It’s 7pm. Most shops in Trashigang town are closed. The bustling town is disturbingly quiet.

Outside one of the shops, a group of people is engaged in a deep conversation. A headhunter (khekpa) is on the loose and has reached the neighboring dzongkhag.  

“Jigme, get inside now or ajang (uncle) khekpa will take you,” yells a woman from afar. A child screams. The woman laughs as she enters the traditional one-storied house. 

The rumor of three men donned in black has become the talk of the town since Thursday. The rumor surfaced following a voice message in one of the social media apps, WeChat, mentioning the appearance of the duo that went viral overnight.        

“Existence of khekpa could be a rumor, myth or even reality but no one knows for sure,” said Tashi, a retired soldier. “The story of men who abduct children for their head has been there since I was a child.” 

The voice message that went viral is from one of the tshogpas, Dorji Wangdi, from Khamdang gewog in Trashiyangtse. In his message to the members of a WeChat group, he said that three men (two non-Bhutanese and a Bhutanese) have entered the gewog. 

“My intention of the message was in no way to instill fear or create panic among the people,” said Dorji Wangdi. “It was just a precautionary measure that I took as a member of the community for the safety of the children in the gewog.” 

He said that the rumor of headhunters became almost certain to him following an incident on May 2 where a woman who was travelling from Doksum towards Tshankharla in Khamdang was apparently attacked by two men who were believed to be headhunters.     

“Immediately after I heard the news, I informed about the incident in the parent-teacher WeChat group,” he said. “I wanted to alert the teachers and requested them to make provisions to send the students home early from school for safety reasons.”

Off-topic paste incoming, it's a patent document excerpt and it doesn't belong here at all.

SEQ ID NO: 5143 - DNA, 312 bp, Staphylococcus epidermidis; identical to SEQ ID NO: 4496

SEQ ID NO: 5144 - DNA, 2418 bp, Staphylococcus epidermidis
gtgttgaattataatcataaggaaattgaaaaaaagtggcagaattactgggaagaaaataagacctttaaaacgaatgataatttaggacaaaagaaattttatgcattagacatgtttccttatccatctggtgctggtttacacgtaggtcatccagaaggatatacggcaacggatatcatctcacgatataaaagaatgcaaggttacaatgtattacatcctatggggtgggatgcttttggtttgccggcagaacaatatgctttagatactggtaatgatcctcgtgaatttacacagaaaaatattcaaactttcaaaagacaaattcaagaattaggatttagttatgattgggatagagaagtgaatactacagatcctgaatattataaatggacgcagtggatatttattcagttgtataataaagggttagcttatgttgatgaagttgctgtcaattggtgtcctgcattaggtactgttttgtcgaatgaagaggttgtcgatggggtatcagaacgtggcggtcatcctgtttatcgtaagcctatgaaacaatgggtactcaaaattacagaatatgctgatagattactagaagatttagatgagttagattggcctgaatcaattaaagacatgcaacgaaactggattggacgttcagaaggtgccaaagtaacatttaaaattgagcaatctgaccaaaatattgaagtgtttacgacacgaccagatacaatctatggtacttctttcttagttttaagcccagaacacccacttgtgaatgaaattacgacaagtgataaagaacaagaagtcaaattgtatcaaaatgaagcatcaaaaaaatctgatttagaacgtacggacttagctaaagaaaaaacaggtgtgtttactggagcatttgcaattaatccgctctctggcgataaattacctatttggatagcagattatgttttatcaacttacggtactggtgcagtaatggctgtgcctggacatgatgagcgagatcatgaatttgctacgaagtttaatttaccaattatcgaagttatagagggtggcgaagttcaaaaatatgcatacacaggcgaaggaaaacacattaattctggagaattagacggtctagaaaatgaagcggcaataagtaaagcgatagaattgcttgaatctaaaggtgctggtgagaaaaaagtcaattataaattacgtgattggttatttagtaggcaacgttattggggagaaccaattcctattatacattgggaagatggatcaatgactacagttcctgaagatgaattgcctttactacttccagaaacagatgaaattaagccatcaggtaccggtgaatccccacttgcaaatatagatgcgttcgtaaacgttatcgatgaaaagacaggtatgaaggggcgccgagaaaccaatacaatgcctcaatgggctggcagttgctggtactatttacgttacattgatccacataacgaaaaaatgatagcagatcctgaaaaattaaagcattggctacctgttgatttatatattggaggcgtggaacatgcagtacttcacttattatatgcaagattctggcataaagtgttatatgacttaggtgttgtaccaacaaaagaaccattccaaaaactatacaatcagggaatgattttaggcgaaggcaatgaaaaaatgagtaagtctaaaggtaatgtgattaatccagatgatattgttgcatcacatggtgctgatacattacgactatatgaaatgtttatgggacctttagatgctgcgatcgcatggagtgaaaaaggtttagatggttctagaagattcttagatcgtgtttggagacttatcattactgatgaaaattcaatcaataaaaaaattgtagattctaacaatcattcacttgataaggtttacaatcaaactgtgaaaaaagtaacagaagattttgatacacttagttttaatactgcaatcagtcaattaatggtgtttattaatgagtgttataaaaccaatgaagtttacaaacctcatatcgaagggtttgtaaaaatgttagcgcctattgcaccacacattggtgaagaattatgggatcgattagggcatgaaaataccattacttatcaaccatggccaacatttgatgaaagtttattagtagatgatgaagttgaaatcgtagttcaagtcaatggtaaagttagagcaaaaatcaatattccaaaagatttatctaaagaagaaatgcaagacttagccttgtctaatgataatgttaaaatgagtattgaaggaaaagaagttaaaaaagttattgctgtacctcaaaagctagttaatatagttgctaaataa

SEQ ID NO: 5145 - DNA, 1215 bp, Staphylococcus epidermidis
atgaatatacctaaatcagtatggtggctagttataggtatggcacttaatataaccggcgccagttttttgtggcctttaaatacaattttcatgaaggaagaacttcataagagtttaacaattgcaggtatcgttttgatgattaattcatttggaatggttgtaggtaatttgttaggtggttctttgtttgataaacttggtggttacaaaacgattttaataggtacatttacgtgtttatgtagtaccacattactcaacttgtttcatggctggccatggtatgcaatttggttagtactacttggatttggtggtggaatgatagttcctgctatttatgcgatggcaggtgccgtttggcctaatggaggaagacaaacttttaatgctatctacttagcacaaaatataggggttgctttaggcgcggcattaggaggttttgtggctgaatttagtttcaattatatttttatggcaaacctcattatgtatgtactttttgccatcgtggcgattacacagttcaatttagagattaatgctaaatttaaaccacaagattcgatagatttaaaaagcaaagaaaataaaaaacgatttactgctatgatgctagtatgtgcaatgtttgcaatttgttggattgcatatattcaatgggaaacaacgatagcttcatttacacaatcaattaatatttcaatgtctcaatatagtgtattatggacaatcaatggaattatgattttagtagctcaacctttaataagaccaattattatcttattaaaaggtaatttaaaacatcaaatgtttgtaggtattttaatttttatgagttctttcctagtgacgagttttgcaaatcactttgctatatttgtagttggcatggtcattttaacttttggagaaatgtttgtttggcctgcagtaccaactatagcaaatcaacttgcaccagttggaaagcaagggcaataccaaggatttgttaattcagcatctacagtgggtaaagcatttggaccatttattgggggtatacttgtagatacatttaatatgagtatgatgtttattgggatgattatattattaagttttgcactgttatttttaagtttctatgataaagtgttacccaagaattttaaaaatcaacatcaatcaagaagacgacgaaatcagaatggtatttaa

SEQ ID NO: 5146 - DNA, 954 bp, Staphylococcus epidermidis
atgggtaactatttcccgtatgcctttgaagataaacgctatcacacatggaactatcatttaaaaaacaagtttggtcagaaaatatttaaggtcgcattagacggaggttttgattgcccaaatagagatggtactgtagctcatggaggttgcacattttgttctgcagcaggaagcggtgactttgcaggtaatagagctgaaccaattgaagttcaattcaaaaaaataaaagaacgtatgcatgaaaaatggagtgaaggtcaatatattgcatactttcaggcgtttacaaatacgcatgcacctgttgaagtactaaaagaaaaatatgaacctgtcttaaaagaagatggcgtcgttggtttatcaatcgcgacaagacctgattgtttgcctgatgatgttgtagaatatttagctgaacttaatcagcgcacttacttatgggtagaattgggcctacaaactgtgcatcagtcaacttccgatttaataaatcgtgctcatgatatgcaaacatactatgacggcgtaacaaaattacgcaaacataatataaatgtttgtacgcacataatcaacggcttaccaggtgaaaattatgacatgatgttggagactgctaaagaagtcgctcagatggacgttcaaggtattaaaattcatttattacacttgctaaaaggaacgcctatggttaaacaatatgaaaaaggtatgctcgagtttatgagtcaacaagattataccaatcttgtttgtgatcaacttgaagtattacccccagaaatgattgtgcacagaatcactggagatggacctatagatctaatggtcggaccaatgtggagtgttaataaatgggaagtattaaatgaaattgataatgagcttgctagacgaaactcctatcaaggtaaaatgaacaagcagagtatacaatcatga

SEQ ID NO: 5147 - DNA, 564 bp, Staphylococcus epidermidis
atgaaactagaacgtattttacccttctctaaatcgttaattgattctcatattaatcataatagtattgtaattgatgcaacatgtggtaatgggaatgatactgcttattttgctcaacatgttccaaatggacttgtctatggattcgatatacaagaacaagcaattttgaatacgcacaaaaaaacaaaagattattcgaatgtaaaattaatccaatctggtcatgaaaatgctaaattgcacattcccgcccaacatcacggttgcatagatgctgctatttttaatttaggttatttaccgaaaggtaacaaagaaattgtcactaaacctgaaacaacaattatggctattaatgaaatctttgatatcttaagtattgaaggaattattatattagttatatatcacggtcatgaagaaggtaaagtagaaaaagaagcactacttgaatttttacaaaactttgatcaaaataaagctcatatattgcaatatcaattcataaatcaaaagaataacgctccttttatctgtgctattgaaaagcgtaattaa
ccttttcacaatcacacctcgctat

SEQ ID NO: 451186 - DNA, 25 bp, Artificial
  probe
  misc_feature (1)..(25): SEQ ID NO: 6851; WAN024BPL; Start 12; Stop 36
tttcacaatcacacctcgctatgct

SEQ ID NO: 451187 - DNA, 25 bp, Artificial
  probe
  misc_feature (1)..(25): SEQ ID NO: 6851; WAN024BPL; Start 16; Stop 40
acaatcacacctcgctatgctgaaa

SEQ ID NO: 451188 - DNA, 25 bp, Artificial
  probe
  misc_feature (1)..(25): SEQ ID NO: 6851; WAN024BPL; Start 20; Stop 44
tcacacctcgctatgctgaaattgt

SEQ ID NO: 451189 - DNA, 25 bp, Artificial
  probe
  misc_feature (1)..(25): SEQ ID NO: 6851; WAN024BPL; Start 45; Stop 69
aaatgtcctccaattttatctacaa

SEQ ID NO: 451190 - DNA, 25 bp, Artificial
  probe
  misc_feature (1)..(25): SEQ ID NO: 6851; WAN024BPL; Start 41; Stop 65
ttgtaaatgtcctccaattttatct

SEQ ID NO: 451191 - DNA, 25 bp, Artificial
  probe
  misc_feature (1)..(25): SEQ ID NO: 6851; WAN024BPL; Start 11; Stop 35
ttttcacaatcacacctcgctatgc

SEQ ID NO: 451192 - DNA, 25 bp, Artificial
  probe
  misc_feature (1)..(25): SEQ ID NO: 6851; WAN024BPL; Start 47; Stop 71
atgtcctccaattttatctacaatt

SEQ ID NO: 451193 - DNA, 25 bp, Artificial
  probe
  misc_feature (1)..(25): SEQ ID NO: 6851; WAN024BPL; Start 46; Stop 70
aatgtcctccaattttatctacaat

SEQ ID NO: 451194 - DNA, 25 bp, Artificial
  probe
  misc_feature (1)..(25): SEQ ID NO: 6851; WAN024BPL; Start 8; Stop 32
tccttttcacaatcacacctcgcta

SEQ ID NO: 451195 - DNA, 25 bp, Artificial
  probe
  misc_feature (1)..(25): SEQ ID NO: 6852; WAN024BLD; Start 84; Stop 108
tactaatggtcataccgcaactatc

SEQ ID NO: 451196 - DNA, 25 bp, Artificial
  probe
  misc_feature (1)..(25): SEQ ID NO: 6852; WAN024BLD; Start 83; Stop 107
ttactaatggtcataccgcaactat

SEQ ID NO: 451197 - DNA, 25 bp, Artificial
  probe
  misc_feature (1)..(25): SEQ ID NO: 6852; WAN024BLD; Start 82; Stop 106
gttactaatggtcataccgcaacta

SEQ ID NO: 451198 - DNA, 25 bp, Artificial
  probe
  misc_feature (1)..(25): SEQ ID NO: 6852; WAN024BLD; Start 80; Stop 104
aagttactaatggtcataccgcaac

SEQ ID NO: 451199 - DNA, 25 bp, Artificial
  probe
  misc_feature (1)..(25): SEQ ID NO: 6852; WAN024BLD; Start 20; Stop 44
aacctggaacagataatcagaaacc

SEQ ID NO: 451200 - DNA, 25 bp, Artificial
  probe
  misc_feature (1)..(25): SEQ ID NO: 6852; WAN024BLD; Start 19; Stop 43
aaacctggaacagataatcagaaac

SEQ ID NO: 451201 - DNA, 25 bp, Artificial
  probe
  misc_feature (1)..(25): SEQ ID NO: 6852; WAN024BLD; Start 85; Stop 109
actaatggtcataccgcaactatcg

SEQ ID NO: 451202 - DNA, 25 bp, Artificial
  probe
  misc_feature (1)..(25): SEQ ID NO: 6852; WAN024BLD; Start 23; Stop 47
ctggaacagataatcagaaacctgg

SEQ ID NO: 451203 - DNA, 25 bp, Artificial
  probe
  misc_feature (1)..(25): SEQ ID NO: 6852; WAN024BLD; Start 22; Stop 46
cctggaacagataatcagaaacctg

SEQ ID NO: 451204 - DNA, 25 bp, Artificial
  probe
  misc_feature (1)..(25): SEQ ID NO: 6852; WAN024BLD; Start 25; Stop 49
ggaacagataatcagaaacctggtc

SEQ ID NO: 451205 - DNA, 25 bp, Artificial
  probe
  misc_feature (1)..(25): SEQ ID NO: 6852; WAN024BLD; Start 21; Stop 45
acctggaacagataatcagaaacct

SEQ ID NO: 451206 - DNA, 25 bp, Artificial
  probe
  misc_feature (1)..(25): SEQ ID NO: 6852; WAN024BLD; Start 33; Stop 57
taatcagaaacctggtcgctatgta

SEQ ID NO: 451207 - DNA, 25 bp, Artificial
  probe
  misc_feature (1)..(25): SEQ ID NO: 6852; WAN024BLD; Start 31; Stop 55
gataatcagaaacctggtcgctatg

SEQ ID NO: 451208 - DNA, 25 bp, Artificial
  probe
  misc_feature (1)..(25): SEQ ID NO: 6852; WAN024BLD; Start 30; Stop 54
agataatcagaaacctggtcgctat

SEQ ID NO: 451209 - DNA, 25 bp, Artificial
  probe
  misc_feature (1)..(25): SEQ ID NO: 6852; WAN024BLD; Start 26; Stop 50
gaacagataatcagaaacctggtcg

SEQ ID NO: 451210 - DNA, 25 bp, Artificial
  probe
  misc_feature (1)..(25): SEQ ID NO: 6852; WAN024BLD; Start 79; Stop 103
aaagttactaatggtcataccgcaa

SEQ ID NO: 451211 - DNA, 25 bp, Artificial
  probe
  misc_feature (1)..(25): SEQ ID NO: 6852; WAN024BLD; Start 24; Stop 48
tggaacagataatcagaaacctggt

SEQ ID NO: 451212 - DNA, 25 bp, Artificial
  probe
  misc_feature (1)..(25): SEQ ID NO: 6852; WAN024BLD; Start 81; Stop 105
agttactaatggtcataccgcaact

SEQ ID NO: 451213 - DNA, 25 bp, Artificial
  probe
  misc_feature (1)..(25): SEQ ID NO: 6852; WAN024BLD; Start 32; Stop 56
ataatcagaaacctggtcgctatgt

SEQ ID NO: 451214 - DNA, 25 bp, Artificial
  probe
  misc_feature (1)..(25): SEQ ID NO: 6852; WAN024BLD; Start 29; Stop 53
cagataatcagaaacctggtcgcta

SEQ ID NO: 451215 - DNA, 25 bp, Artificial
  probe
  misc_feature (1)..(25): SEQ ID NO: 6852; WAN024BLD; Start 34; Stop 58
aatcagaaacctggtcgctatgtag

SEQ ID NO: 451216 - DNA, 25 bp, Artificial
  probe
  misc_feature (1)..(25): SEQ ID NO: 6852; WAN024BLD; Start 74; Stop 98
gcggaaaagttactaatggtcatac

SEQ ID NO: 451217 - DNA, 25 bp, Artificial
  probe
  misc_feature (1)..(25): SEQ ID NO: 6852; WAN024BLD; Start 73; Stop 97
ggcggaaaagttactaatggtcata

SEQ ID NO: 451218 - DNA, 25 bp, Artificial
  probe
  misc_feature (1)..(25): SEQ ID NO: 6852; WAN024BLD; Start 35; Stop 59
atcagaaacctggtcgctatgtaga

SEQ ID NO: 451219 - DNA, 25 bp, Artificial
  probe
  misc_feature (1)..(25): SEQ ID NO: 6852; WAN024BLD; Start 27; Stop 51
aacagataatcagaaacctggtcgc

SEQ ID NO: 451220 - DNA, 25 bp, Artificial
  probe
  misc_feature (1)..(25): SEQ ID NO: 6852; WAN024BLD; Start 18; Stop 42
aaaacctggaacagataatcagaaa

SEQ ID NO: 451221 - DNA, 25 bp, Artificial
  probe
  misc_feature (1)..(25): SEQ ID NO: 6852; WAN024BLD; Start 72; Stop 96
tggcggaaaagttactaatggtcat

Dorji Wangdi said that the news of presence of headhunters in the east doing the rounds in social media made him react promptly. “Since no one saw those men, it couldn’t be established that they were headhunters,” he said. “However, when there are already rumors, we could not stay ideal at the same time. That is why I reacted.” 

Following the incident, a police investigation is currently underway in Trashiyangtse. Sources say that the claim that the woman made on the presence of headhunters in Khamdang might not be true. The headhunter rumor of the men going around in a bolero car reportedly first spread from Mongar.

Trashigang dzongdag, Chekey Gyeltshen, said that the dzongkhag administration has not received reports that would indicate the presence of headhunters. “I’ve discussed with the police and no such incidences has been reported to them so far.”

A civil servant, Karma, said that because stories of existence of headhunters have been there since ages, not heeding to news on social media would be unwise. “Even if the news are just rumors, we cannot help but take precautions,” he said. “And in doing so we are in a way acknowledging their existence.”

Karchung, 70, said that stories of headhunters were told to scare children and keep them indoors in the past. “When I was a kid, my parents used to tell the same story. I still don’t know if there are real khekpas around.” 

He said that according to the stories he was told and the ones he told his children, the headhunters beheaded people, especially children and used the heads at constructions sites of bridges and hydropower plants. “It was believed to be an offering to the local deities to protect the infrastructures from disasters.” 

“Headhunters are just myths,” said an engineer. “Similar news went viral during the construction of Kurichu and Chhukha dams. Since Kholongchu project is about to begin, the story of headhunters is resurfacing.” 

Younten Tshedup | Trashigang